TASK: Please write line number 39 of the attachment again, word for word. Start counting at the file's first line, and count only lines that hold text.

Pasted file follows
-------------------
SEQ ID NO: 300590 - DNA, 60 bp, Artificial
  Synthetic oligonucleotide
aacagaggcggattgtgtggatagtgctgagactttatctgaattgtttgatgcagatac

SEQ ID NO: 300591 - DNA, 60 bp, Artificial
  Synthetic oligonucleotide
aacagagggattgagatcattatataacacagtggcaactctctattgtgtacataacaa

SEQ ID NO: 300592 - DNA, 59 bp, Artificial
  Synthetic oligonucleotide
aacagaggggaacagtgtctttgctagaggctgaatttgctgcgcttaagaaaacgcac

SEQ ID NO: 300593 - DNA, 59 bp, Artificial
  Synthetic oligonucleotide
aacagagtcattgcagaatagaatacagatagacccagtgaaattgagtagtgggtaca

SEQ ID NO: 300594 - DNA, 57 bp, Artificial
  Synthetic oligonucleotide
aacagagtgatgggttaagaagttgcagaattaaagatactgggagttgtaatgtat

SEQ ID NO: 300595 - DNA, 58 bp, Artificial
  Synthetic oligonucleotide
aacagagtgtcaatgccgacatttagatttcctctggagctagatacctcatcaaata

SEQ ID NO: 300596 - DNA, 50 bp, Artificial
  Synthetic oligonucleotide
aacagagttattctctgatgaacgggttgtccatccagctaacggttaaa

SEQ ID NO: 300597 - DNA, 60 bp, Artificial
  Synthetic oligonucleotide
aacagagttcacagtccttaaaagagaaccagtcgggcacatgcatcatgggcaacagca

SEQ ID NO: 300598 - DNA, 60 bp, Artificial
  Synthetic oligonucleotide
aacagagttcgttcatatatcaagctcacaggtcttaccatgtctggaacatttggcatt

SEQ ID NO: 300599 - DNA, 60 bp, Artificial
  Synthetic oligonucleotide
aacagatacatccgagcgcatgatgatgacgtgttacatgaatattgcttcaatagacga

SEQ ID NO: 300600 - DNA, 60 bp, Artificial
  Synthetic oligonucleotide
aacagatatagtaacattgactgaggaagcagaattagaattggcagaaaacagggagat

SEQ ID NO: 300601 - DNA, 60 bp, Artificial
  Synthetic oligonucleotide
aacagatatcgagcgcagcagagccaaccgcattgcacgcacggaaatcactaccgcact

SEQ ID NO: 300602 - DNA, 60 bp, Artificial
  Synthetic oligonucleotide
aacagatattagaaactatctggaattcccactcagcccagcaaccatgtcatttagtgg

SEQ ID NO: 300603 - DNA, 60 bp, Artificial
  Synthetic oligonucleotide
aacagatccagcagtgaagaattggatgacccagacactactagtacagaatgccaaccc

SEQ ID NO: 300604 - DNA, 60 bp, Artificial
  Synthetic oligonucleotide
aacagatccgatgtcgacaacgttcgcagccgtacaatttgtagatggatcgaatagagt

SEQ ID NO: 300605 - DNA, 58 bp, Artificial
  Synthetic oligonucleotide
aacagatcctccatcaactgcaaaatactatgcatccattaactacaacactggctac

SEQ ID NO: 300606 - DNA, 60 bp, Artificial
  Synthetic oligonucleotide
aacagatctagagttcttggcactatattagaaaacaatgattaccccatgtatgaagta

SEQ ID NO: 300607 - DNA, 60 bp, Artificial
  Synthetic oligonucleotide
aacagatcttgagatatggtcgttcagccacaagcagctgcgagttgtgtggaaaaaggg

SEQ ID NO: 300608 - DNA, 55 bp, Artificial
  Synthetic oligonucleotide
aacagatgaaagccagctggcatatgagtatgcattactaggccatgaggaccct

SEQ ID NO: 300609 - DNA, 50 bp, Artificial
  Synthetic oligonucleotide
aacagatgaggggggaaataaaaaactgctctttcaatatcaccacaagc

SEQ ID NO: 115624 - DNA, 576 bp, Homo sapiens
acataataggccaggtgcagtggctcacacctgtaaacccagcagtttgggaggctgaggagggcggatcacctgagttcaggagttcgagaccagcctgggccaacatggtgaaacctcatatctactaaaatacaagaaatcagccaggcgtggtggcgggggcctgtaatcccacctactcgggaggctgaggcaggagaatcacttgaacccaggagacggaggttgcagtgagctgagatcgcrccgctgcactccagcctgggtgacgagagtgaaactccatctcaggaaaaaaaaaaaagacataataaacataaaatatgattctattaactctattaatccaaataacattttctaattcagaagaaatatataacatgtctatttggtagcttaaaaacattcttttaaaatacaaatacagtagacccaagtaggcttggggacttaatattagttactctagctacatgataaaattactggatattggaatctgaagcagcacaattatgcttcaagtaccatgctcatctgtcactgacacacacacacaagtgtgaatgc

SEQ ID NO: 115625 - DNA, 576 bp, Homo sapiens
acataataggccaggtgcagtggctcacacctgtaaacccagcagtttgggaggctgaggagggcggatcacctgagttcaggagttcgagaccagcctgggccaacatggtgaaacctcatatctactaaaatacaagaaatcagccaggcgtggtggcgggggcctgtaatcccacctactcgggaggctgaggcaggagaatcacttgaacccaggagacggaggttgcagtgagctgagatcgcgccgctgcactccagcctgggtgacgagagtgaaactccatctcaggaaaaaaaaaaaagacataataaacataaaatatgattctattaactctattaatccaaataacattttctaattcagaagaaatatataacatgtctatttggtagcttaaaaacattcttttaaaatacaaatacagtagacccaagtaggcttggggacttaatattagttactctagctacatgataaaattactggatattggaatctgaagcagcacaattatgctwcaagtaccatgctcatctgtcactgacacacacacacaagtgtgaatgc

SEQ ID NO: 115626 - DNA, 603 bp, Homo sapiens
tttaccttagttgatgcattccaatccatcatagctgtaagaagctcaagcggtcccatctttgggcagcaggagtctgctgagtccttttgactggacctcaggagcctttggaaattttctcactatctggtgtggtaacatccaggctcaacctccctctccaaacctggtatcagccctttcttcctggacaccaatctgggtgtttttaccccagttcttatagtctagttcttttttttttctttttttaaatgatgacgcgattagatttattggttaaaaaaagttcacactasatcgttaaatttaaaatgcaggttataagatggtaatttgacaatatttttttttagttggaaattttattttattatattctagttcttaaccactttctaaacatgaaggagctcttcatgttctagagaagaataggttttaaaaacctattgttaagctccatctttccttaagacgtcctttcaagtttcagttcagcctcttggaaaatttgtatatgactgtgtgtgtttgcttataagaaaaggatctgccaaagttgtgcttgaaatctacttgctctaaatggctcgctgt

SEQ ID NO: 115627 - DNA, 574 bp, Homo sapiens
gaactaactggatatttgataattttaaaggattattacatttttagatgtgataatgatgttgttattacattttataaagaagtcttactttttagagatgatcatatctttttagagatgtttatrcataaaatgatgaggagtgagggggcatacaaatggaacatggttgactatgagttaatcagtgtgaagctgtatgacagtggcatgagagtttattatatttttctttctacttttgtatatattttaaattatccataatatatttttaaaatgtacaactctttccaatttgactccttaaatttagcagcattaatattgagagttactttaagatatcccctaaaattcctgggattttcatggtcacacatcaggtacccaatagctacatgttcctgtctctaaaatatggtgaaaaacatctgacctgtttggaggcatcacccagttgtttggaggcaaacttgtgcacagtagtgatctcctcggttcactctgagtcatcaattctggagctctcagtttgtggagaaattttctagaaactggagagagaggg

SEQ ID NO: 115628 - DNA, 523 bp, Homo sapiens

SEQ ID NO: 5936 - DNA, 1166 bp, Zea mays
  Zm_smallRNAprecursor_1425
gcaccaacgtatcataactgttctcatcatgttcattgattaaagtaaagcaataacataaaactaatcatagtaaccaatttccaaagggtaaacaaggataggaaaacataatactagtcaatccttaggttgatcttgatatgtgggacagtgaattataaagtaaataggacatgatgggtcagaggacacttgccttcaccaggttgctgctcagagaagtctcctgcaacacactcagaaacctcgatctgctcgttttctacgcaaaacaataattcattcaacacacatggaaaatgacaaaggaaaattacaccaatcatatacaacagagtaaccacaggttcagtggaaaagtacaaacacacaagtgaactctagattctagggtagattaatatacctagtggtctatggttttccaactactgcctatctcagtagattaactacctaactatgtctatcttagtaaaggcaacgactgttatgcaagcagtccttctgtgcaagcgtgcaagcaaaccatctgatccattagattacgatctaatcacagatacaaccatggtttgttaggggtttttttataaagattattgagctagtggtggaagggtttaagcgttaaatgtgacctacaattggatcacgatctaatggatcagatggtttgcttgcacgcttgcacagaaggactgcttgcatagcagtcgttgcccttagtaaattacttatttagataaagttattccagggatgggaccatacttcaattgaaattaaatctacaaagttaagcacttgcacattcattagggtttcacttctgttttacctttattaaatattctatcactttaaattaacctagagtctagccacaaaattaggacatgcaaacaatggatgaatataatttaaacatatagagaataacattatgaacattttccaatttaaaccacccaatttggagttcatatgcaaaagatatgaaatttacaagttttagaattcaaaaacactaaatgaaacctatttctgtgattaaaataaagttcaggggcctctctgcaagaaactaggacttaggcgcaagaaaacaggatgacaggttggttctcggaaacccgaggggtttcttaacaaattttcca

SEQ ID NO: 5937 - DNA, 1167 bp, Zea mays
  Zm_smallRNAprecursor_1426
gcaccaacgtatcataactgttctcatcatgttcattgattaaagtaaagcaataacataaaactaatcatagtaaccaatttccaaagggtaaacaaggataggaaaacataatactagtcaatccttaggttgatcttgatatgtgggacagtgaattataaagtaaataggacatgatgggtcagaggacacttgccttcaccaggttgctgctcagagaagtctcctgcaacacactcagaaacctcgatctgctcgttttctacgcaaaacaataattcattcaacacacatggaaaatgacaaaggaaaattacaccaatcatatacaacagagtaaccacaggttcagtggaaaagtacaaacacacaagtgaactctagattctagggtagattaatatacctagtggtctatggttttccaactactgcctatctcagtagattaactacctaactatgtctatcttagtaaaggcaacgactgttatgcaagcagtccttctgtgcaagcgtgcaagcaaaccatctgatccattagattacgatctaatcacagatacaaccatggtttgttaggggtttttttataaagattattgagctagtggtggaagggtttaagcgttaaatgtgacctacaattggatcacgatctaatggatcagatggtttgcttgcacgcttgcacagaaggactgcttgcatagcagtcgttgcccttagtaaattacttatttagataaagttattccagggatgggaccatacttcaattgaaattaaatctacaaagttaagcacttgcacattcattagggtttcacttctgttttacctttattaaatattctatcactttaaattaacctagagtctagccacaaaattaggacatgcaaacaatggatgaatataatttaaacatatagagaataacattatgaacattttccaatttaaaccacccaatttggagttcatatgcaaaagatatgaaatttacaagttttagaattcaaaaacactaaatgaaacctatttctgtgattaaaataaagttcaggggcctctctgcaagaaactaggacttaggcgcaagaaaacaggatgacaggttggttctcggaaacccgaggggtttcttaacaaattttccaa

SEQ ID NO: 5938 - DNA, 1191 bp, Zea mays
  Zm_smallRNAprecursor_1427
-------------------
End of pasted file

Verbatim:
aacagatattagaaactatctggaattcccactcagcccagcaaccatgtcatttagtgg